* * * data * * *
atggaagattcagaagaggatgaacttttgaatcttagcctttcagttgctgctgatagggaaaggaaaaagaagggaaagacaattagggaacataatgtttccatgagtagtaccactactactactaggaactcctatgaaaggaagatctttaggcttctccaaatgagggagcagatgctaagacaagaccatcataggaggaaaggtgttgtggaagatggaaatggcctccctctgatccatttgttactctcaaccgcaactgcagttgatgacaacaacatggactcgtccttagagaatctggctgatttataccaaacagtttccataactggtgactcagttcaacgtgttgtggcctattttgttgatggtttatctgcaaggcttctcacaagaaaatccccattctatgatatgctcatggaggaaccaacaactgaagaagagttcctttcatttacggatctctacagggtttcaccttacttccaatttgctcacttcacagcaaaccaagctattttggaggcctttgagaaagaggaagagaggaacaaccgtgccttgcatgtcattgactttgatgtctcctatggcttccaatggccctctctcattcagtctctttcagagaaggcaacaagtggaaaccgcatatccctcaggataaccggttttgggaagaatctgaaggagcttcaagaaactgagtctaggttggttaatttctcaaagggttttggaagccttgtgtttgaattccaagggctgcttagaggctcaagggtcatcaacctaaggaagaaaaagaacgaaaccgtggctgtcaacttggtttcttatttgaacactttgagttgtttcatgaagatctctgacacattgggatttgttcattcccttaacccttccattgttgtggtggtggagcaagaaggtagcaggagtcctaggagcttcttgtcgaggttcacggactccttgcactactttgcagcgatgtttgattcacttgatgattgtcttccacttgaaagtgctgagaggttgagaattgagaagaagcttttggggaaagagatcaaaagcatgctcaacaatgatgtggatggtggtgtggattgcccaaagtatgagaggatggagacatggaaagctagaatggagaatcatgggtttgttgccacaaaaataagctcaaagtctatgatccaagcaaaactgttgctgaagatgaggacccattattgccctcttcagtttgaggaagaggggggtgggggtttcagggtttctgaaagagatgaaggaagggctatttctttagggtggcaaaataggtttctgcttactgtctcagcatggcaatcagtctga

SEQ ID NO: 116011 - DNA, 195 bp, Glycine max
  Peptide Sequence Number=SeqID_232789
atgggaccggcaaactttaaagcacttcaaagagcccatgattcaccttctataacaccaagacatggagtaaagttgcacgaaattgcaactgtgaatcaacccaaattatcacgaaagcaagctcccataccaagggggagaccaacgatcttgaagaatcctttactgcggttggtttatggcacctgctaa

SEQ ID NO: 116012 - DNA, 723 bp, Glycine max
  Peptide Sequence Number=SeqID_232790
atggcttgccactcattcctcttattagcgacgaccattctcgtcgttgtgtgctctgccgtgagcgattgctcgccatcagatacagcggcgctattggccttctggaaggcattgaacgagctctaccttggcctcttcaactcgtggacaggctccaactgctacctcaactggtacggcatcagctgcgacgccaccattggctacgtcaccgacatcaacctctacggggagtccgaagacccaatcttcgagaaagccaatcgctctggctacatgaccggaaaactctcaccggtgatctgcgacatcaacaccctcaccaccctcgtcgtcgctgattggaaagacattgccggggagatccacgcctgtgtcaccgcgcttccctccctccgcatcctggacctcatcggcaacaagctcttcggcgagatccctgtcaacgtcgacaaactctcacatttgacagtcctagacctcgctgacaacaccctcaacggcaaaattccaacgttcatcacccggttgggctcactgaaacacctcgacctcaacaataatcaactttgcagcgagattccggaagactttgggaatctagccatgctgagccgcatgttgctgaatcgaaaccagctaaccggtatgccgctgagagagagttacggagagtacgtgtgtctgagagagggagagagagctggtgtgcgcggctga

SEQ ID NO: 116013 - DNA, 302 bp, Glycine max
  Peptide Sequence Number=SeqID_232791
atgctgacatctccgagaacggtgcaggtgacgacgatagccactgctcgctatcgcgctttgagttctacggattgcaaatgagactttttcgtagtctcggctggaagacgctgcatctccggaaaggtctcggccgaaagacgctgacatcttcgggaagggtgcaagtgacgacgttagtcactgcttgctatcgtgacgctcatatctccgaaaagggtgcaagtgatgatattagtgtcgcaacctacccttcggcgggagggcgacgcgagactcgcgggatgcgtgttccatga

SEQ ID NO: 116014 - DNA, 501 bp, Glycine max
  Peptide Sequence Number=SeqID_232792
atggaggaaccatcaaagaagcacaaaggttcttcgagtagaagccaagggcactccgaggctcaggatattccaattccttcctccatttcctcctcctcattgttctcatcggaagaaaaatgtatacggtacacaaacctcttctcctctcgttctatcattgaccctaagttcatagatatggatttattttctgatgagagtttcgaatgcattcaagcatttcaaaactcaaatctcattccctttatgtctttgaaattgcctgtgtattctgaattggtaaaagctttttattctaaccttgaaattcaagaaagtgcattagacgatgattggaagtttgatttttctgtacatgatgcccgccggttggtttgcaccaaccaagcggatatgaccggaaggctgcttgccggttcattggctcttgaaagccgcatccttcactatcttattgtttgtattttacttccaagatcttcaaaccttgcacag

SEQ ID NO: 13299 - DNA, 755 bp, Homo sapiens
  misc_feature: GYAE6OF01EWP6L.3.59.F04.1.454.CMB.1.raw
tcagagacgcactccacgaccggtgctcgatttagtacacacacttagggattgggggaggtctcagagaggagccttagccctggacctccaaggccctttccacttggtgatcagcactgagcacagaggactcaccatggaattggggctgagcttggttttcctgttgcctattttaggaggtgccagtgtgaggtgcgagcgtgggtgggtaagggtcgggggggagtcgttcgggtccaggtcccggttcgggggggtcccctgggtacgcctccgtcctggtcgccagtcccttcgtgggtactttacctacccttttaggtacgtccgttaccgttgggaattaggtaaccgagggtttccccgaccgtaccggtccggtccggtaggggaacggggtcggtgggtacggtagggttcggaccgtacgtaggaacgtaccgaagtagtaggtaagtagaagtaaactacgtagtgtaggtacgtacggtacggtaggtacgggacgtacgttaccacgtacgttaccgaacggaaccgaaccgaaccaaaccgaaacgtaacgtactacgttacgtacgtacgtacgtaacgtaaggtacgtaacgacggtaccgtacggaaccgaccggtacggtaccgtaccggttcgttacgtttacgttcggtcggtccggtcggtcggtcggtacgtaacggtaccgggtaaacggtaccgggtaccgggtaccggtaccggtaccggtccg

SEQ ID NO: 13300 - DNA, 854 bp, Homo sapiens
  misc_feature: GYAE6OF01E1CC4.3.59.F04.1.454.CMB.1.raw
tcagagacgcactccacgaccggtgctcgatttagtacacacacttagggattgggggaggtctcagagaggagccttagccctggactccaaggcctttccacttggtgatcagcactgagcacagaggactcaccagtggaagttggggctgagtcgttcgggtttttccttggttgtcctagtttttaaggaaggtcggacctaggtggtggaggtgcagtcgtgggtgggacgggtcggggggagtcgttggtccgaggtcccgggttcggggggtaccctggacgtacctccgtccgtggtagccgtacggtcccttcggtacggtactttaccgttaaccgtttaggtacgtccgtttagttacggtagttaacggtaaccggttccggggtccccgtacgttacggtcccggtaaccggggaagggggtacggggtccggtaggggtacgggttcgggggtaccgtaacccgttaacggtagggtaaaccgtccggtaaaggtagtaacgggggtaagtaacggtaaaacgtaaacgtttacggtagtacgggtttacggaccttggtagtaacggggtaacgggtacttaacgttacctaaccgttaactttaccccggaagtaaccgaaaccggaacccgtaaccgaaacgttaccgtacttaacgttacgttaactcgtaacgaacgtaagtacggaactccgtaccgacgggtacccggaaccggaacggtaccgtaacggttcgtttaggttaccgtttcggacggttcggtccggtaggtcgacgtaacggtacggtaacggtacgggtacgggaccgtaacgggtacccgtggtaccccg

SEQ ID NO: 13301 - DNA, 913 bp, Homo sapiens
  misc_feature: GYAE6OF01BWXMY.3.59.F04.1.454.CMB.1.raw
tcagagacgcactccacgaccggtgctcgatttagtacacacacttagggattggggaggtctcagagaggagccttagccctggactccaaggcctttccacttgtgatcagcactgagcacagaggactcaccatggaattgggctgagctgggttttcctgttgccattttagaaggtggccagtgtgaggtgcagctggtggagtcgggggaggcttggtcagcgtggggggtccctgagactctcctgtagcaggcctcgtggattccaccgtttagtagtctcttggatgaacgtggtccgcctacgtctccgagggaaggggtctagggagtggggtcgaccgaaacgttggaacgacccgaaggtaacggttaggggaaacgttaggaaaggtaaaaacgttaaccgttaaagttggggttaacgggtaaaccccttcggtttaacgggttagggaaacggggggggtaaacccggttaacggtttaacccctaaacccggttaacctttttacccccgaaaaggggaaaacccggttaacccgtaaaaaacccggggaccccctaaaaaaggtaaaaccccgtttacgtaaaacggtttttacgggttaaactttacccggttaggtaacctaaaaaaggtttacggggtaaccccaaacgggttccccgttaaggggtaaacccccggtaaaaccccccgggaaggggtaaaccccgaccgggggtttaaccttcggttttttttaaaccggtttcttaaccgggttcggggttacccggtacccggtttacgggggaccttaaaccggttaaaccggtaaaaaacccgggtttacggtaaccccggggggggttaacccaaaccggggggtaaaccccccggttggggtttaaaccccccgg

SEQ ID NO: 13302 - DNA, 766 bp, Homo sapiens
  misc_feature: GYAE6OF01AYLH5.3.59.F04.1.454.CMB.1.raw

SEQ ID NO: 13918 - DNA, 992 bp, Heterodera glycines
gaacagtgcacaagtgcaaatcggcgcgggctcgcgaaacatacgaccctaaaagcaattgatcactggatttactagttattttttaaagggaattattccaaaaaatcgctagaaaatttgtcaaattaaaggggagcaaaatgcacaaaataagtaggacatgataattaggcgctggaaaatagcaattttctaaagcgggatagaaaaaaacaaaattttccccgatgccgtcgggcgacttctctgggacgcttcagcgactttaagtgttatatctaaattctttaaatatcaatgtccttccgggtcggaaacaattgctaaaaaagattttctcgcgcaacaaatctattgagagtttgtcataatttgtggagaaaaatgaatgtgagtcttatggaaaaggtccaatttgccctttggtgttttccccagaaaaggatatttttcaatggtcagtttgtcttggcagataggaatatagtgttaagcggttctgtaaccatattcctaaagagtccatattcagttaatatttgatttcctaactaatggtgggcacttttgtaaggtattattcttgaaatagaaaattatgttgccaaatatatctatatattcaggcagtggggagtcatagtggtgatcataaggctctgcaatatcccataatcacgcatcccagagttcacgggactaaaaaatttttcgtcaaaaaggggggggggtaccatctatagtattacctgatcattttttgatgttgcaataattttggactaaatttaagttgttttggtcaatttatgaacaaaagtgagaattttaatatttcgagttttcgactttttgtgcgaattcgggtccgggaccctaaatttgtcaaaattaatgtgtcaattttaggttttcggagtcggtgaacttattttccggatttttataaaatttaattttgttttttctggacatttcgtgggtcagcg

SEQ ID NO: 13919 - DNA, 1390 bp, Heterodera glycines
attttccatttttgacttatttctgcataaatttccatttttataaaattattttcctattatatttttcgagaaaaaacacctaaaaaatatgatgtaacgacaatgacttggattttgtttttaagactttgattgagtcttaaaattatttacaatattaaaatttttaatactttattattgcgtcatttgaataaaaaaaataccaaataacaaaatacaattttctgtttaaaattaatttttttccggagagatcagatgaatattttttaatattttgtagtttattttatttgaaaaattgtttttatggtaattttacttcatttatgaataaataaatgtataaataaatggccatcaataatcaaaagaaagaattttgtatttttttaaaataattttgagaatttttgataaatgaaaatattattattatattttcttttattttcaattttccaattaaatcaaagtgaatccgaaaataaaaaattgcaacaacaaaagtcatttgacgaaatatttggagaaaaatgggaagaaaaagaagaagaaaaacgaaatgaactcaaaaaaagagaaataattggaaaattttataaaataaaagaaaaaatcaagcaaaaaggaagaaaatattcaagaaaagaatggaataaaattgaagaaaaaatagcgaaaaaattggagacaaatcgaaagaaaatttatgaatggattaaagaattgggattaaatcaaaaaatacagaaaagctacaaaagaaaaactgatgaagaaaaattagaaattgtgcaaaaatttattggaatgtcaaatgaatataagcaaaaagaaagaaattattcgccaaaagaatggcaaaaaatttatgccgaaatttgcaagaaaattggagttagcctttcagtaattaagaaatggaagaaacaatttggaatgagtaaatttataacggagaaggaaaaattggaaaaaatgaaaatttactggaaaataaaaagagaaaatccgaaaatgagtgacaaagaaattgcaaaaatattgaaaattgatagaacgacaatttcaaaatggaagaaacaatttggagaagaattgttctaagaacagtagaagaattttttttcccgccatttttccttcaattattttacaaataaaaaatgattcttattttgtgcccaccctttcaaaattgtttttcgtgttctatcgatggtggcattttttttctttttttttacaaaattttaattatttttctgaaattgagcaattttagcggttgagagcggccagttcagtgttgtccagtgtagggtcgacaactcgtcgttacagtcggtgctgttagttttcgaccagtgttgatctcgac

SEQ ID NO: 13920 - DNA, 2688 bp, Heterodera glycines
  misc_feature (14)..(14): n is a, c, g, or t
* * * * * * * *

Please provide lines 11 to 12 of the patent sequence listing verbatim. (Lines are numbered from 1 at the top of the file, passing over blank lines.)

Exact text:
SEQ ID NO: 116014 - DNA, 501 bp, Glycine max
  Peptide Sequence Number=SeqID_232792